Dr. McGregor on Guidelines Regarding ADT-Associated Cardiac AEs in Prostate Cancer

Pei-Chun McGregor, MD
Published: Wednesday, Jun 19, 2019



Pei-Chun McGregor, MD, cardio-oncologist and director of Ambulatory Cardiology at VA Boston Healthcare System, instructor in medicine, Brigham and Women’s Hospital, discusses guidelines regarding androgen deprivation therapy (ADT)-associated cardiac adverse events (AEs) in prostate cancer.

There are some guidelines for community doctors that offer insight on how to navigate care for patients who may be at risk of developing ADT-associated cardiac AEs. This will help bring awareness to communities that are not as well versed on the association of ADT with cardiovascular disease, says McGregor. Notably, most internists do not know that ADT can cause adverse changes metabolically. As such, they might not be checking lipids or blood pressure.

Even some cardiologists may not know what to watch for. Some of the medications that are used to block testosterone have also been shown to increase a patient’s QT. If a patient’s QT is increased, then they’re at risk for arrhythmias, which means they can potentially die from an abnormal heart rhythm. It’s about bringing awareness to the community, concludes McGregor, an effort that guidelines are currently spearheading.
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Pei-Chun McGregor, MD, cardio-oncologist and director of Ambulatory Cardiology at VA Boston Healthcare System, instructor in medicine, Brigham and Women’s Hospital, discusses guidelines regarding androgen deprivation therapy (ADT)-associated cardiac adverse events (AEs) in prostate cancer.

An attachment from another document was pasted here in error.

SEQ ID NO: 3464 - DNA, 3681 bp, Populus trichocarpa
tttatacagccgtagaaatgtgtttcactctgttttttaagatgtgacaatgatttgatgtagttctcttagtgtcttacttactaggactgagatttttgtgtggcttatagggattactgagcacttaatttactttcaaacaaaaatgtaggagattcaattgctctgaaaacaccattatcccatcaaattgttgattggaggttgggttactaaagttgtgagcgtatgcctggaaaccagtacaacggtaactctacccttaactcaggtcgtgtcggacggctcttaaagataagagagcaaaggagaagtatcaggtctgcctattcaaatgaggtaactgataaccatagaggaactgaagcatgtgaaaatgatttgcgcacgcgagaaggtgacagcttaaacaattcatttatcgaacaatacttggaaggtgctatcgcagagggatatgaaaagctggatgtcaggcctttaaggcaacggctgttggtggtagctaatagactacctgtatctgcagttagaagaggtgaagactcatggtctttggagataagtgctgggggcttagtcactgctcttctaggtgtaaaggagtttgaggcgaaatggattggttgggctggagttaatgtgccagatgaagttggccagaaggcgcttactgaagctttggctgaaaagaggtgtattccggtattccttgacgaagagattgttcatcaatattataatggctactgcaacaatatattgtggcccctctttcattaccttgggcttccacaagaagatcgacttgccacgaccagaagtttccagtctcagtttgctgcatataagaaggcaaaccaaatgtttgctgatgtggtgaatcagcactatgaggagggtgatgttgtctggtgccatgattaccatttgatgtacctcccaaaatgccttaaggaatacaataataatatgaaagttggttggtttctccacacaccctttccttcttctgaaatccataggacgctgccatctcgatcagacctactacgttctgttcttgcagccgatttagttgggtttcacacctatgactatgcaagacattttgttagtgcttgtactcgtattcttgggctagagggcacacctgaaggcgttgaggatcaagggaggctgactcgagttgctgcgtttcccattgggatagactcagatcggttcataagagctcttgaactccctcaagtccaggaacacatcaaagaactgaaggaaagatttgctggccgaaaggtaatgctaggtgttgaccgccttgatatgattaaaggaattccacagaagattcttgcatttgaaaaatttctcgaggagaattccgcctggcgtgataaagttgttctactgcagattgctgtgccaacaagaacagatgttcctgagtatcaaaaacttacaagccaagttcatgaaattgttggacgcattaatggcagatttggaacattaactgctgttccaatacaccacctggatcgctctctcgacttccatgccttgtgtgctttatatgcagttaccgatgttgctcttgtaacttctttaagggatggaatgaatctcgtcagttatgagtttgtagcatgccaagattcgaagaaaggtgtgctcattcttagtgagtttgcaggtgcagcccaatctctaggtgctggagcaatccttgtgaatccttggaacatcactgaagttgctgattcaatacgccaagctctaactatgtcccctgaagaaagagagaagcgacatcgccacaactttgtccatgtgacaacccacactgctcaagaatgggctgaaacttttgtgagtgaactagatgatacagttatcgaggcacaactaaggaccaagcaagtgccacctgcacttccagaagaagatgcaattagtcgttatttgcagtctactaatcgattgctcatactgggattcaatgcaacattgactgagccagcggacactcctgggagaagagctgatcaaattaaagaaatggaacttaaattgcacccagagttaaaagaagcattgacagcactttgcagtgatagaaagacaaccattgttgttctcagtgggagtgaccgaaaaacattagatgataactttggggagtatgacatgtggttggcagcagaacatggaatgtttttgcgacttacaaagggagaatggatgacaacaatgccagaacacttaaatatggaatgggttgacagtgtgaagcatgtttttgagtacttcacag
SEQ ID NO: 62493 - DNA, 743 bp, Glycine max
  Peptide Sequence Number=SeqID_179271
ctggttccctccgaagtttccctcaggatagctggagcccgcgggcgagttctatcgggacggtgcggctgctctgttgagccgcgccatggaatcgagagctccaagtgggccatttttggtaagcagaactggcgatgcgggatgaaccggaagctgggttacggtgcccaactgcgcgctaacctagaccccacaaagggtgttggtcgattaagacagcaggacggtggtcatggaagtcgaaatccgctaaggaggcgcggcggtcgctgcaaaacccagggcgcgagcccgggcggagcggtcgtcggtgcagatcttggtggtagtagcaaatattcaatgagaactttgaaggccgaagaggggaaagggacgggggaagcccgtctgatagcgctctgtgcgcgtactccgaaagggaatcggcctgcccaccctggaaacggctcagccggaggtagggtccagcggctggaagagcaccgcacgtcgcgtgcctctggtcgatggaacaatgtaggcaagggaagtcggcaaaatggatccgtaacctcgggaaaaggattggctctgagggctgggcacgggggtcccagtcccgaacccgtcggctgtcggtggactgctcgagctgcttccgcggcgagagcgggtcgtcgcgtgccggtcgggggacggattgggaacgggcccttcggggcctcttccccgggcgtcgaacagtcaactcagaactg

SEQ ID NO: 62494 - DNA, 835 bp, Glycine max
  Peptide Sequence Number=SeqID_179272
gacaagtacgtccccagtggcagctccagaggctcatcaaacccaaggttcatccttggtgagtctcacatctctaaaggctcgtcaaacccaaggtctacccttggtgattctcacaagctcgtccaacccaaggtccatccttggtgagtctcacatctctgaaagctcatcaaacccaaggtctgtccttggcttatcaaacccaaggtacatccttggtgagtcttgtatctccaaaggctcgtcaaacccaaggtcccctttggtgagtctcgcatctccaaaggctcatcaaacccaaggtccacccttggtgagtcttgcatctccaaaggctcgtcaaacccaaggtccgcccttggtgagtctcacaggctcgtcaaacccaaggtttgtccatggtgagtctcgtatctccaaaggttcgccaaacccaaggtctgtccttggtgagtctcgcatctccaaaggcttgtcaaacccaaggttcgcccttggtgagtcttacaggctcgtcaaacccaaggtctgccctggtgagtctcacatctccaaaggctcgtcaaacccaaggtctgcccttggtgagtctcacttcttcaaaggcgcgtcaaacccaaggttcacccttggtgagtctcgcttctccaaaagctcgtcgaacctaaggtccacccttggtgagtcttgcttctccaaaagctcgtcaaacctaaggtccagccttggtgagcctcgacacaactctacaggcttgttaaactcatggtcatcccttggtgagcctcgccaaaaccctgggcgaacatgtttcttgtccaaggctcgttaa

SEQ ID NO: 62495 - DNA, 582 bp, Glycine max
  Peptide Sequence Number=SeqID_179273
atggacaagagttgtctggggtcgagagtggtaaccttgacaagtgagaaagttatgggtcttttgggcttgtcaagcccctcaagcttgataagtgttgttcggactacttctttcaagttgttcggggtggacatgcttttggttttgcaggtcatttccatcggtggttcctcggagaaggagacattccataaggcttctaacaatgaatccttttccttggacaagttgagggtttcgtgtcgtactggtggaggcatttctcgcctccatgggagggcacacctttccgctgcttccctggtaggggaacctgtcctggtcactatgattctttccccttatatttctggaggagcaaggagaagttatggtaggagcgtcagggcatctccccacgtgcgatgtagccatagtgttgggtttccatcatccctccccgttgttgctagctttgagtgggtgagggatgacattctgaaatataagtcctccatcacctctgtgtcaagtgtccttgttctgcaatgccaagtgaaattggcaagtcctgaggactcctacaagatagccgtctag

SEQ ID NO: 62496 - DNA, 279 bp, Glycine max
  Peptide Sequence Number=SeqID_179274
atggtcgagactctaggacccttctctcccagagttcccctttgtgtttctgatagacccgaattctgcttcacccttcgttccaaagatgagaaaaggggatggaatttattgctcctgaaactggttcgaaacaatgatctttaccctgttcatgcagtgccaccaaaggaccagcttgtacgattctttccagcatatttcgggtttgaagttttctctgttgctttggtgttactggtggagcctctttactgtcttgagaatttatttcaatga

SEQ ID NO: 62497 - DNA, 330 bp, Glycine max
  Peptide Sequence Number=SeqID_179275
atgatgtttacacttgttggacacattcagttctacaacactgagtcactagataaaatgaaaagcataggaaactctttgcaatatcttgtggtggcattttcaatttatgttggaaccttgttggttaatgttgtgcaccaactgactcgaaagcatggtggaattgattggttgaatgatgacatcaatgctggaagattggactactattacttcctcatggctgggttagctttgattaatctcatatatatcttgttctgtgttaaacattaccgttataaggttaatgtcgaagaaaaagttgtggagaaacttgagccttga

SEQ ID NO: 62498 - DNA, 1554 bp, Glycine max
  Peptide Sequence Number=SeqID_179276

There are some guidelines for community doctors that offer insight on how to navigate care for patients who may be at risk of developing ADT-associated cardiac AEs. This will help bring awareness to communities that are not as well versed on the association of ADT with cardiovascular disease, says McGregor. Notably, most internists do not know that ADT can cause adverse changes metabolically. As such, they might not be checking lipids or blood pressure.

Even some cardiologists may not know what to watch for. Some of the medications that are used to block testosterone have also been shown to increase a patient’s QT. If a patient’s QT is increased, then they’re at risk for arrhythmias, which means they can potentially die from an abnormal heart rhythm. It’s about bringing awareness to the community, concludes McGregor, an effort that guidelines are currently spearheading.

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Community Practice Connections™: 2nd Annual International Congress on Oncology Pathology™Aug 31, 20191.5
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